I recently posted about the advert where a jig maker, Leigh Industries, used a phrase that said, “The Classic Look of Hand-cut Dovetails”, which I thought seemed somewhat deceptive but there again, this is the age of fake news so why expect more of the advertising media? It seems all the more that everyone assents to the acceptance that the practice of machine cuts mattered very little as long as it looked hand cut and indeed had the same look as a hand cut dovetail too. No matter how you slice it, if a machine cut it, it ain’t hand cut. Just sayin’. This is one of those rattle snake barbecue moments. You know, where someone fries up some barbecued rattle snake and everyone walks away saying ‘Wow! Tastes just like chicken!” So why not just eat chicken?
In some people’s minds of course it will always be that the end justifies the means, but then there are those of us who just simply enjoy woodworking with the mechanics of hand work rather than relying on machines and the baggage that comes with that. You know, the stuff that’s left out of the expressed image here—face shields and eye protection, hearing defence and dust masks, dust extraction etc. To say nothing of lengthy setups and noise from machines, safety risks and the risk of damaging materials if things do go wrong.
I wasn’t sure how this looked any more like a classic hand-cut look than their machine-cut. Perhaps someone else can see it and explain.
Where some tried to counter what I was saying about disingenuous advertising, pointing out the fallacy and missing out on doing the whole process yourself, I think the majority got it and get it. Rather than being distanced from the process of developing real skill, or indeed postponing this development of your ability, accepting the lie in my experience often means never developing hand skills that really work and work pretty much throughout a lifetime. At the end of the day, when someone asks if the dovetails are hand cut and you say ‘Yes!‘ I personally think that you will feel, well, just a teensy weeny bit dishonest. Whereas I do accept in some woodworking businesses, making drawers all day long to the same spec, machines like routers combined with jigs, though it gets very old fast, will give you the competitive edge. The problem comes when everyone has the same equipment and the price is brought so low no one makes any money. Most so-called ‘professionals’ never really discuss this issue.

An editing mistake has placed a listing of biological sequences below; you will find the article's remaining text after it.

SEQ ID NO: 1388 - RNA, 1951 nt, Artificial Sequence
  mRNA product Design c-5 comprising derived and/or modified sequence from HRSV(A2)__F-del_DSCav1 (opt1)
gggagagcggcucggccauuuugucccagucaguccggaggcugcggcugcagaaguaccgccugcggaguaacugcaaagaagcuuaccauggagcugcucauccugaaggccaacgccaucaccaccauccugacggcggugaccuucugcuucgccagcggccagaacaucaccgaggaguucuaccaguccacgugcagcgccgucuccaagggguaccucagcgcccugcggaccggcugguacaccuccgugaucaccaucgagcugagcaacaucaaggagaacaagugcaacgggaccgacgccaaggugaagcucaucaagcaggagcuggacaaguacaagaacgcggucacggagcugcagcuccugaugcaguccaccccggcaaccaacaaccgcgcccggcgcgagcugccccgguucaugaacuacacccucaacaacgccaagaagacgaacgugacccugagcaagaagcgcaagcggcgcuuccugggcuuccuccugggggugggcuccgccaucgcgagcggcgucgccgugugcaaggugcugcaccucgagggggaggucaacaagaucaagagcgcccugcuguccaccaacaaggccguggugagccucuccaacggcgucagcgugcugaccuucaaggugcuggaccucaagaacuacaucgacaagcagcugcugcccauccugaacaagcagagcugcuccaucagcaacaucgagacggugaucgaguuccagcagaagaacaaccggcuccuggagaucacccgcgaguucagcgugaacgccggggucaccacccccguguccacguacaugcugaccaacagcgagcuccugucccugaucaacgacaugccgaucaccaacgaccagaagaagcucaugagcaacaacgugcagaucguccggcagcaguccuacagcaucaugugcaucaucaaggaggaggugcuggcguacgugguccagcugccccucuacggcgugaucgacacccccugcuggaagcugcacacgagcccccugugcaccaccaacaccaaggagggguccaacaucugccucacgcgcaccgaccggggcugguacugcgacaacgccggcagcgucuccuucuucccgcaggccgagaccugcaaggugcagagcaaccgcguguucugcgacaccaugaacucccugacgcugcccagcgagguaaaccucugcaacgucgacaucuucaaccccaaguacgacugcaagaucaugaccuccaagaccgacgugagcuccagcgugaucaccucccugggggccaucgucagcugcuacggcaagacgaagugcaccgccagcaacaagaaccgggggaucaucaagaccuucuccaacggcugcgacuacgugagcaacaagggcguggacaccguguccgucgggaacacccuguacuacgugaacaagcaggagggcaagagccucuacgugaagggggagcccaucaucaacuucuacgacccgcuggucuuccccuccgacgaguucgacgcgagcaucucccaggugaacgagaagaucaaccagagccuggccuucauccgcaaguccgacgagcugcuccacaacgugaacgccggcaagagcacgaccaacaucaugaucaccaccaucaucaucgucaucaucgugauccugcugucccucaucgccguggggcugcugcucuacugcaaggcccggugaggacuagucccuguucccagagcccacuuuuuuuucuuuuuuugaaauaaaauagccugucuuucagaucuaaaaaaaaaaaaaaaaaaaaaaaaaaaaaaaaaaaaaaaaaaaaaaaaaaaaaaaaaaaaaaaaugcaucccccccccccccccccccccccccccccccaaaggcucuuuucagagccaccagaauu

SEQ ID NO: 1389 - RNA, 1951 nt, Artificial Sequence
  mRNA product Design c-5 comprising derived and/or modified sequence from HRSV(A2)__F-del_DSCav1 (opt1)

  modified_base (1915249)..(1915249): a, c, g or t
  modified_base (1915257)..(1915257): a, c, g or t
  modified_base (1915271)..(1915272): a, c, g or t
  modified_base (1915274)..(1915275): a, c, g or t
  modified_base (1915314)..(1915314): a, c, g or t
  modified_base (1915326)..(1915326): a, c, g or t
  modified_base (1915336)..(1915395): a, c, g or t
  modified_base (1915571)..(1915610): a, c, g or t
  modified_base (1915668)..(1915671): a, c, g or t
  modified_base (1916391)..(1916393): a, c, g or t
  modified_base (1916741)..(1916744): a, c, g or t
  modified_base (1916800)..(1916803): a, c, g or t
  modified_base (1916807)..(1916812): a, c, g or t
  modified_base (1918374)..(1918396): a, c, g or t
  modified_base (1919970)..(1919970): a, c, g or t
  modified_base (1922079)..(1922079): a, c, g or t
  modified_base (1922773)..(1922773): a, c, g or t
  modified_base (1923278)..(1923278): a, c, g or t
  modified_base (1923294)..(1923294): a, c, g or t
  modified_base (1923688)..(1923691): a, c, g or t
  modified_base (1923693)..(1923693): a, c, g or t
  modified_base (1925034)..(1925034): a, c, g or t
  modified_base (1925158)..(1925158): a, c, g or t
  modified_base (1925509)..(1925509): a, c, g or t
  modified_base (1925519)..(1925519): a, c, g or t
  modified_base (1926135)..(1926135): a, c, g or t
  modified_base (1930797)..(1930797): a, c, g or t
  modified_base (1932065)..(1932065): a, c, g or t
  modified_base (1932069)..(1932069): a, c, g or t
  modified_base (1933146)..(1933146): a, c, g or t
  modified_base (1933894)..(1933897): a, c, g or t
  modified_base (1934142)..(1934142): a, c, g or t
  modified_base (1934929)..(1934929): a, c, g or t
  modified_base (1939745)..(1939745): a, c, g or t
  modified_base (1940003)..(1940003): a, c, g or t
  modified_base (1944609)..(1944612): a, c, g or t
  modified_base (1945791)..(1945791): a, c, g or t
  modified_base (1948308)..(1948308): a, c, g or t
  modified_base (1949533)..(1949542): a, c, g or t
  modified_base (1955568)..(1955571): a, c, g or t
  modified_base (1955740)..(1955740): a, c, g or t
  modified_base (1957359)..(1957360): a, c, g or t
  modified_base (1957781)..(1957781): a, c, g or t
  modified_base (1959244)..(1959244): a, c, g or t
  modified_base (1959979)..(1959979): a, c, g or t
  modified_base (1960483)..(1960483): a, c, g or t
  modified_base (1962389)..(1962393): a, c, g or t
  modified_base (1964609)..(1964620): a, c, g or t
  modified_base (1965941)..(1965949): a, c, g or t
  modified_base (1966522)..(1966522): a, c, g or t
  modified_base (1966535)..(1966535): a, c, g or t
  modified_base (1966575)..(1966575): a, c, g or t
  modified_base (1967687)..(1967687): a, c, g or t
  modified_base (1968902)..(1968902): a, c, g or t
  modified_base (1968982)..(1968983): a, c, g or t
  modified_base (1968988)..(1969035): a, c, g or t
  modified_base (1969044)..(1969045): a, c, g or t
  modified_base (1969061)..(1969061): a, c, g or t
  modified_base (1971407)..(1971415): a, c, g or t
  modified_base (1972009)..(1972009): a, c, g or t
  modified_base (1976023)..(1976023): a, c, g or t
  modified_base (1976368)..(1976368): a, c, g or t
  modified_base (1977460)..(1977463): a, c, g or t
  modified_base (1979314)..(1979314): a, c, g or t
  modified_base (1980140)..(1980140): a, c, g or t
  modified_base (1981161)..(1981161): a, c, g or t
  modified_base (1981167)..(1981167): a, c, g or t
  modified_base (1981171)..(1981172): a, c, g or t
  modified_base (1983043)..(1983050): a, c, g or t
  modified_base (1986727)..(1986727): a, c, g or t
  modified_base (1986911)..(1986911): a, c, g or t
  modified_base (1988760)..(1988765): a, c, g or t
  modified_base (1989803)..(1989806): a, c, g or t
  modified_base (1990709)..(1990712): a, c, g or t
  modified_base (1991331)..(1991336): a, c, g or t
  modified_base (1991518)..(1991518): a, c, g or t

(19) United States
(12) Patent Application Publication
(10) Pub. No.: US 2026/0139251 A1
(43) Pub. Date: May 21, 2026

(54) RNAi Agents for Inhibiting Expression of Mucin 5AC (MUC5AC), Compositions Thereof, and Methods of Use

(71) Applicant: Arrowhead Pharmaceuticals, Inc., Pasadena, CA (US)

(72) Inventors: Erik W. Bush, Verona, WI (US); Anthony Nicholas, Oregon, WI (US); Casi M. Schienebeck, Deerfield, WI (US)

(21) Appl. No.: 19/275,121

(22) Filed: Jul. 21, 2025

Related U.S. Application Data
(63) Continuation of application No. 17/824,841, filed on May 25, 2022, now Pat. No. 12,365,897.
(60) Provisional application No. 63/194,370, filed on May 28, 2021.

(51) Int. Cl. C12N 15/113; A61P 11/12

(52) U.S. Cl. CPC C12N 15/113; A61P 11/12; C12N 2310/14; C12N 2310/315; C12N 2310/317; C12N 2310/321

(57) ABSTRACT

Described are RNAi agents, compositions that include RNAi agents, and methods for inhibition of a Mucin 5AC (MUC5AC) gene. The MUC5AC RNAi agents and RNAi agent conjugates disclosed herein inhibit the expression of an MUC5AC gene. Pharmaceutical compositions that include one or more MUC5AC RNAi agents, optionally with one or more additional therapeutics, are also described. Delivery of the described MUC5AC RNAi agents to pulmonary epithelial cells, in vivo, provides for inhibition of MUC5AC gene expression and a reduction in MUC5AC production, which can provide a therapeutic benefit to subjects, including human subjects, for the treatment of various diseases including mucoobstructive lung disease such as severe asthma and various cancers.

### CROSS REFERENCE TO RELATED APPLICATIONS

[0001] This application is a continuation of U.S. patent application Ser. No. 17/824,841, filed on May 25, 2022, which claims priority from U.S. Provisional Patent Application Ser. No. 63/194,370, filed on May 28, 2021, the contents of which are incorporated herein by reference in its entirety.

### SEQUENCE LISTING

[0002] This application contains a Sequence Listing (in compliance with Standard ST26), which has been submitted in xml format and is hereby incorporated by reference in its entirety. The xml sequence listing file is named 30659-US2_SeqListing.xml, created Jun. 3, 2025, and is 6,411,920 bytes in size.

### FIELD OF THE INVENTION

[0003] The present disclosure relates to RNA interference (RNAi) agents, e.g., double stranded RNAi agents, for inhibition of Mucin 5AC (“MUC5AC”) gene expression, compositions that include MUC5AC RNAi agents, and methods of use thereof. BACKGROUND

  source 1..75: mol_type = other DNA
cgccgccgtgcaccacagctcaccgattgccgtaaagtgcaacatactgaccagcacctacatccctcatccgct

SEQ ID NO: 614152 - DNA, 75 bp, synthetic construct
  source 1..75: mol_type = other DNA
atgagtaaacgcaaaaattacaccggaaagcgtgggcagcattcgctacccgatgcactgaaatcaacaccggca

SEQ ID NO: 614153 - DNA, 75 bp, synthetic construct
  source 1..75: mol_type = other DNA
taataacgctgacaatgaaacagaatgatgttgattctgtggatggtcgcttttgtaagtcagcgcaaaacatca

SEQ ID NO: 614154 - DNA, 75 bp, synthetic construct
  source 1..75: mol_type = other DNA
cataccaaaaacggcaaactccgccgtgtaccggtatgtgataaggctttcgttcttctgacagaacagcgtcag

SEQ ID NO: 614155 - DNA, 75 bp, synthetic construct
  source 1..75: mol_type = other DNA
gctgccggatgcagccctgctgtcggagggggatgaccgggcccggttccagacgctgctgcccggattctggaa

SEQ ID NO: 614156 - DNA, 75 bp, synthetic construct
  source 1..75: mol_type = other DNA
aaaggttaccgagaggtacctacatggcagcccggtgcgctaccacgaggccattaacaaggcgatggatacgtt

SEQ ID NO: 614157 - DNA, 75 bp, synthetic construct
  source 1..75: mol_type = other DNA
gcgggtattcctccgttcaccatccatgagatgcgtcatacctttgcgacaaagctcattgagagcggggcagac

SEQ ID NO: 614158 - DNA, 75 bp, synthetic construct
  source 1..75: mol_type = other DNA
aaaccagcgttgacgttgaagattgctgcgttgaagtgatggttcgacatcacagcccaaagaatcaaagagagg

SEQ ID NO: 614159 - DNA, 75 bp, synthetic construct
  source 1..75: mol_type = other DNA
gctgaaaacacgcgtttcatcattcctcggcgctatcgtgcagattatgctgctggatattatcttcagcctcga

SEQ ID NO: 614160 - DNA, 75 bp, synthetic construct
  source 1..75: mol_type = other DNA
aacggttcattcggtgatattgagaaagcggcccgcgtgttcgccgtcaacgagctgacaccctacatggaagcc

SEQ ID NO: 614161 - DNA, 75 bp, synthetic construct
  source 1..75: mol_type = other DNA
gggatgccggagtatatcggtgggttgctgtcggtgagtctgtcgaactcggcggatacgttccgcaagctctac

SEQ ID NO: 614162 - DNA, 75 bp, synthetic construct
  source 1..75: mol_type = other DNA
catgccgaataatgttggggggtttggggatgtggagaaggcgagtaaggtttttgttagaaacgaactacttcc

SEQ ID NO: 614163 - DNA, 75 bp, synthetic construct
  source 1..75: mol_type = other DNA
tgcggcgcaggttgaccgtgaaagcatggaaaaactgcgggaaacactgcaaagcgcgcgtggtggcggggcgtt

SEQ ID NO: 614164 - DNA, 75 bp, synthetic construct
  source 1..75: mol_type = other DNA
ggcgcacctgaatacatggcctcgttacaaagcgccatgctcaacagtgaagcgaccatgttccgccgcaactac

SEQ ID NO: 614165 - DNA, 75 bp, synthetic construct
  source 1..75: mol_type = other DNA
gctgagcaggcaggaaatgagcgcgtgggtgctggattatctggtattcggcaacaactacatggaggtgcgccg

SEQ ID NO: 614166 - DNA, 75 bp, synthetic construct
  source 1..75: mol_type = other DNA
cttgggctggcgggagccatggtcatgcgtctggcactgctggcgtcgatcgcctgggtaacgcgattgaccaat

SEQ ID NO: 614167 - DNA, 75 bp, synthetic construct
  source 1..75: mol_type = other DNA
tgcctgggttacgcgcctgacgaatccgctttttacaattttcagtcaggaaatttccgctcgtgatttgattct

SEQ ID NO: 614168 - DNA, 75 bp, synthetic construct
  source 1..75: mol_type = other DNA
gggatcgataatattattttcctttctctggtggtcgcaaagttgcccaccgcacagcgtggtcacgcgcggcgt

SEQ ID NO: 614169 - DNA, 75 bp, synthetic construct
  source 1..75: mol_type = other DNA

Remember, this box took me 48 minutes from beginning to end including the finish and no machines were used beyond dimensioning the wood. It’s a bit beaten up now after years on display and being dropped twice on concrete.
The reality for me is showing that for a single project people trying something like dovetailing by hand often discover the very thing they started woodworking to achieve. They begin to better understand the real meaning and fulfilment in doing as much of the work by hand themselves. They often discover that it’s certainly quicker for single units when you have developed the skill. But the point was never comparing machines to hand methods but the deceitfulness of ad-spin. No one considers the moral dilemma of the disingenuous ad. Just that it was, well, cute!
Whereas I do accept that 1 in 20 of my students do struggle to cut the perfect dovetail first time, by the time they have cut just a few practice ones they’ve usually got it. Above are totally Hannah’s dovetails. It’s her third dovetailed project and the first two were every bit as good.
Oh! Don’t click on the red, ‘See Video’ button in the image, that’s not real either!